Judge blocks Biden administration officials from communicating with social media companies

ByDevan Cole and Vanessa Yurkevich
Thursday, July 6, 2023
Judge limits Biden administration's contact with social media sites
A federal judge ordered some Biden administration agencies and top officials not to communicate with social media companies about certain content, handing a win to GOP states in a lawsuit accusing the government of going too far in its effort to combat COVID-19 disinformation.

A federal judge on Tuesday ordered some Biden administration agencies and top officials not to communicate with social media companies about certain content, handing a win to GOP states in a lawsuit accusing the government of going too far in its effort to combat Covid-19 disinformation.

In a preliminary injunction issued by US District Judge Terry Doughty, the judge ordered a slew of federal agencies and more than a dozen top officials not to communicate with social media companies about taking down "content containing protected free speech" that's posted on the platforms.

The injunction notes that the government can still communicate with the companies as part of efforts to curb illegal activity and address national security threats.

The order applies to agencies including the Department of Health and Human Services, the National Institute of Allergy and Infectious Diseases, the US Centers for Disease Control and Prevention, the Justice Department and FBI as well as officials such as US Surgeon General Vivek Murthy and White House press secretary Karine Jean-Pierre.

The agencies and officials, Doughty said, are prohibited from "specifically flagging content or posts on social-media platforms and/or forwarding such to social-media companies urging, encouraging, pressuring, or inducing in any manner for removal, deletion, suppression, or reduction of content containing protected free speech."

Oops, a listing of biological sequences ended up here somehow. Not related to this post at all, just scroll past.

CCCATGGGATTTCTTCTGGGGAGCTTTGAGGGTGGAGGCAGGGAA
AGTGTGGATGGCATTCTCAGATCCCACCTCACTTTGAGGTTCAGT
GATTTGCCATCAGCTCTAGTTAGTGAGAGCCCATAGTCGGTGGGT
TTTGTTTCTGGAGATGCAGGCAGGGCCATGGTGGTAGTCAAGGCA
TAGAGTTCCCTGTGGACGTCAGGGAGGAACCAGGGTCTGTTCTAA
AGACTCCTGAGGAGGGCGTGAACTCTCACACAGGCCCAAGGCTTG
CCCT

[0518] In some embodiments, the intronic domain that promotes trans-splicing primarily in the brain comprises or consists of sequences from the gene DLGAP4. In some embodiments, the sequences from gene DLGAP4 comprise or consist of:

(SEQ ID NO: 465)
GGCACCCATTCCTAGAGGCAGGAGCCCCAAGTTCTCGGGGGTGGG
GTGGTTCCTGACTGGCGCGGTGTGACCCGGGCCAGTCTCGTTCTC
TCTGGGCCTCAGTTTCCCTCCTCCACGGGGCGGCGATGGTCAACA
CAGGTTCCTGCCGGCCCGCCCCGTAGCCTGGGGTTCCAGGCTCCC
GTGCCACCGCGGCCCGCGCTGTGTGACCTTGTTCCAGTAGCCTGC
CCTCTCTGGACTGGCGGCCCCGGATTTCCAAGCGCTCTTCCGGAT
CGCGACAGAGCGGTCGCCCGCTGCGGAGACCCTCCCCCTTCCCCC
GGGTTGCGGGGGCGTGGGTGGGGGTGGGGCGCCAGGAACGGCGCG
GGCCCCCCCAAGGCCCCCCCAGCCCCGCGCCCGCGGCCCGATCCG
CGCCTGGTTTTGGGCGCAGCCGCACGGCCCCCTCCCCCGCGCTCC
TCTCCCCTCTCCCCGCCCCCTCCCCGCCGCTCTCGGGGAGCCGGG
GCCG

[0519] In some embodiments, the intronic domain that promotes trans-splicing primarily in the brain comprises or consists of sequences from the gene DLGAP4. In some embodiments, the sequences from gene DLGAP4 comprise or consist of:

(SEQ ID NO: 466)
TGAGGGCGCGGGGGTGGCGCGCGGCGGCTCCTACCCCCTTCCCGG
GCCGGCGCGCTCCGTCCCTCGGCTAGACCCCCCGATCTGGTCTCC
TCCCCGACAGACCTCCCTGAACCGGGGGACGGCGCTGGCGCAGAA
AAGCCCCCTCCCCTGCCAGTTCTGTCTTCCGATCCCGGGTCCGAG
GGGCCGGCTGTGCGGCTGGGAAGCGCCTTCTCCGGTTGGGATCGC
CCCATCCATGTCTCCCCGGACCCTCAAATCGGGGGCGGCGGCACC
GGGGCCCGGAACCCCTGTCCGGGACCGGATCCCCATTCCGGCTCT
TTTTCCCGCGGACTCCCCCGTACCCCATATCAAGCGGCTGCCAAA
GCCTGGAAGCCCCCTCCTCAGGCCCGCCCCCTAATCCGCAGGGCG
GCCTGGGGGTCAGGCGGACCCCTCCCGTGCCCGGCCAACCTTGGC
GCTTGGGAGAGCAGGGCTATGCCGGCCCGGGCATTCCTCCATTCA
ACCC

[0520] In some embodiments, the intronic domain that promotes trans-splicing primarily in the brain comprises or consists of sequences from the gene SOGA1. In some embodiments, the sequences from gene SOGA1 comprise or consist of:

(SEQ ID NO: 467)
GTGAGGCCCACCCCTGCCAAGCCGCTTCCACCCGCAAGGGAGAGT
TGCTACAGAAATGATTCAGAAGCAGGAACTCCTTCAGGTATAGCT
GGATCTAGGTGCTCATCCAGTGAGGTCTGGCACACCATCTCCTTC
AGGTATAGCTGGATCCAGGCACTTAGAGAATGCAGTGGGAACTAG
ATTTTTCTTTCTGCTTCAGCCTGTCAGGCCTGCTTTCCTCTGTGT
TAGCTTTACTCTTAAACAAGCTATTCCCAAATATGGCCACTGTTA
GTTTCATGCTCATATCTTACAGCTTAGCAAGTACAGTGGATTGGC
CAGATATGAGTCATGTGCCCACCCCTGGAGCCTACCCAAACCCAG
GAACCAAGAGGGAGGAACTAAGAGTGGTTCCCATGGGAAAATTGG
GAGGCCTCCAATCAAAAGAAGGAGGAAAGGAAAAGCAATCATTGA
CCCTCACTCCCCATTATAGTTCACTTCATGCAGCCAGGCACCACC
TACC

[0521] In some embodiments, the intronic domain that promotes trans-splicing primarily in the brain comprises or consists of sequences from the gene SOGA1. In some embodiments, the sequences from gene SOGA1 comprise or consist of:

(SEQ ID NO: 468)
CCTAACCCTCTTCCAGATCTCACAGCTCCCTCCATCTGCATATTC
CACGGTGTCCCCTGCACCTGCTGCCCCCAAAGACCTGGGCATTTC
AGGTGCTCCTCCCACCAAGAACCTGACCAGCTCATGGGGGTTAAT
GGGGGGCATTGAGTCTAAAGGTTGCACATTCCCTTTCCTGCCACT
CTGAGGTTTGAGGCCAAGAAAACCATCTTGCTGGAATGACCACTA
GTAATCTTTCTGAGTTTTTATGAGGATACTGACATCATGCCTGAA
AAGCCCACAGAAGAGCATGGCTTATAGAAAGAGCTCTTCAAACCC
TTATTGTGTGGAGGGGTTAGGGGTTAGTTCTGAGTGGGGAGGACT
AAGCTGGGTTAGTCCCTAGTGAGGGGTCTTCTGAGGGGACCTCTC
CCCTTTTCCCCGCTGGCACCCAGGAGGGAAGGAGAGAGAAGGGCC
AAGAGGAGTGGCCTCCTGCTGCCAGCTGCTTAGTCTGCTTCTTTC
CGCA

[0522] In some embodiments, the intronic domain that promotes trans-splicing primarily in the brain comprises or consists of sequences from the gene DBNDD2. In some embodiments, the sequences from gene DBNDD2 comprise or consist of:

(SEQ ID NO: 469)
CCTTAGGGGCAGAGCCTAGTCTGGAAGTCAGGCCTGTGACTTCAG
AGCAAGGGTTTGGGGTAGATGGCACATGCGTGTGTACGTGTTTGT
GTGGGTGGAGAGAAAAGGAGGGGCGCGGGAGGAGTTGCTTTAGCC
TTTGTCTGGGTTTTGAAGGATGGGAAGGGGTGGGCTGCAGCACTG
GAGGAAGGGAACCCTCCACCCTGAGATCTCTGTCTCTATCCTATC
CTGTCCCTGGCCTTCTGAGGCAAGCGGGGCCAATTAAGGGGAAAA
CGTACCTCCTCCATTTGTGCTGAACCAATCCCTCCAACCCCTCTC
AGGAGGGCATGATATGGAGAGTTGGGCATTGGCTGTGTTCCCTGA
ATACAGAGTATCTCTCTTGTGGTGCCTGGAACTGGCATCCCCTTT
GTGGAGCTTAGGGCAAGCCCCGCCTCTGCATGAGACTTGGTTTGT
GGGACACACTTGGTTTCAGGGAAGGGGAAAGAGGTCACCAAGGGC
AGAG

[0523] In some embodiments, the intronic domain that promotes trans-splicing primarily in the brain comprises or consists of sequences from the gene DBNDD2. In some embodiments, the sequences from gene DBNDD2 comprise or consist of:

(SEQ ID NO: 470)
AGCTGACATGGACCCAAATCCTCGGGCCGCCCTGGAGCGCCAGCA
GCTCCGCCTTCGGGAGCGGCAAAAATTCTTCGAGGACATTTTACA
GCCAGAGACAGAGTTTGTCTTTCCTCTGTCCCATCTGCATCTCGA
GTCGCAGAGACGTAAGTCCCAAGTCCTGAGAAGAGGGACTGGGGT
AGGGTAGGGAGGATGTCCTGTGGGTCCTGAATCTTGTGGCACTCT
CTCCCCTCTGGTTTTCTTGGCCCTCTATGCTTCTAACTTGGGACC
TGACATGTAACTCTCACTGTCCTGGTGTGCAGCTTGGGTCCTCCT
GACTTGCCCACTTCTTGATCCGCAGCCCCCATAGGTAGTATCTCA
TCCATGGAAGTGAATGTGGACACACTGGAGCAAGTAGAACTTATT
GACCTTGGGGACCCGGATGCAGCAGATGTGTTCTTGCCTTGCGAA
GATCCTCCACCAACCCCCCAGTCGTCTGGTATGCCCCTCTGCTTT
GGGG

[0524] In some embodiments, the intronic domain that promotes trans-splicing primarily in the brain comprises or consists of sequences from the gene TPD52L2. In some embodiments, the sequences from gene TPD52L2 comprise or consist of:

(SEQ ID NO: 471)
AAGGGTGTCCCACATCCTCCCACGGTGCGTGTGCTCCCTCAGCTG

Doughty, a Donald Trump appointee, noted in the lawsuit that social media companies "include Facebook/Meta, Twitter, YouTube/Google, WhatsApp, Instagram, WeChat, TikTok," as well as a number of other online platforms.

A White House official said the Department of Justice is "reviewing the court's injunction and will evaluate its options in this case."

"This Administration has promoted responsible actions to protect public health, safety, and security when confronted by challenges like a deadly pandemic and foreign attacks on our elections. Our consistent view remains that social media platforms have a critical responsibility to take account of the effects their platforms are having on the American people, but make independent choices about the information they present," the White House official said.

Meta declined to comment. CNN also reached out to Twitter, Google and TikTok for comment.

The lawsuit brought by the Missouri and Louisiana attorneys general in 2022 represents a novel way to pursue "censorship" claims accusing the Biden administration of effectively silencing conservatives by leaning on the private social media companies.

Though Doughty hasn't yet ruled on the merits of the two states' claims, his order Tuesday represents their most significant victory yet in the ongoing lawsuit. The judge had previously ordered the administration to produce documents identifying government officials and the nature of their communications with social media platforms.

This story has been updated with additional details.

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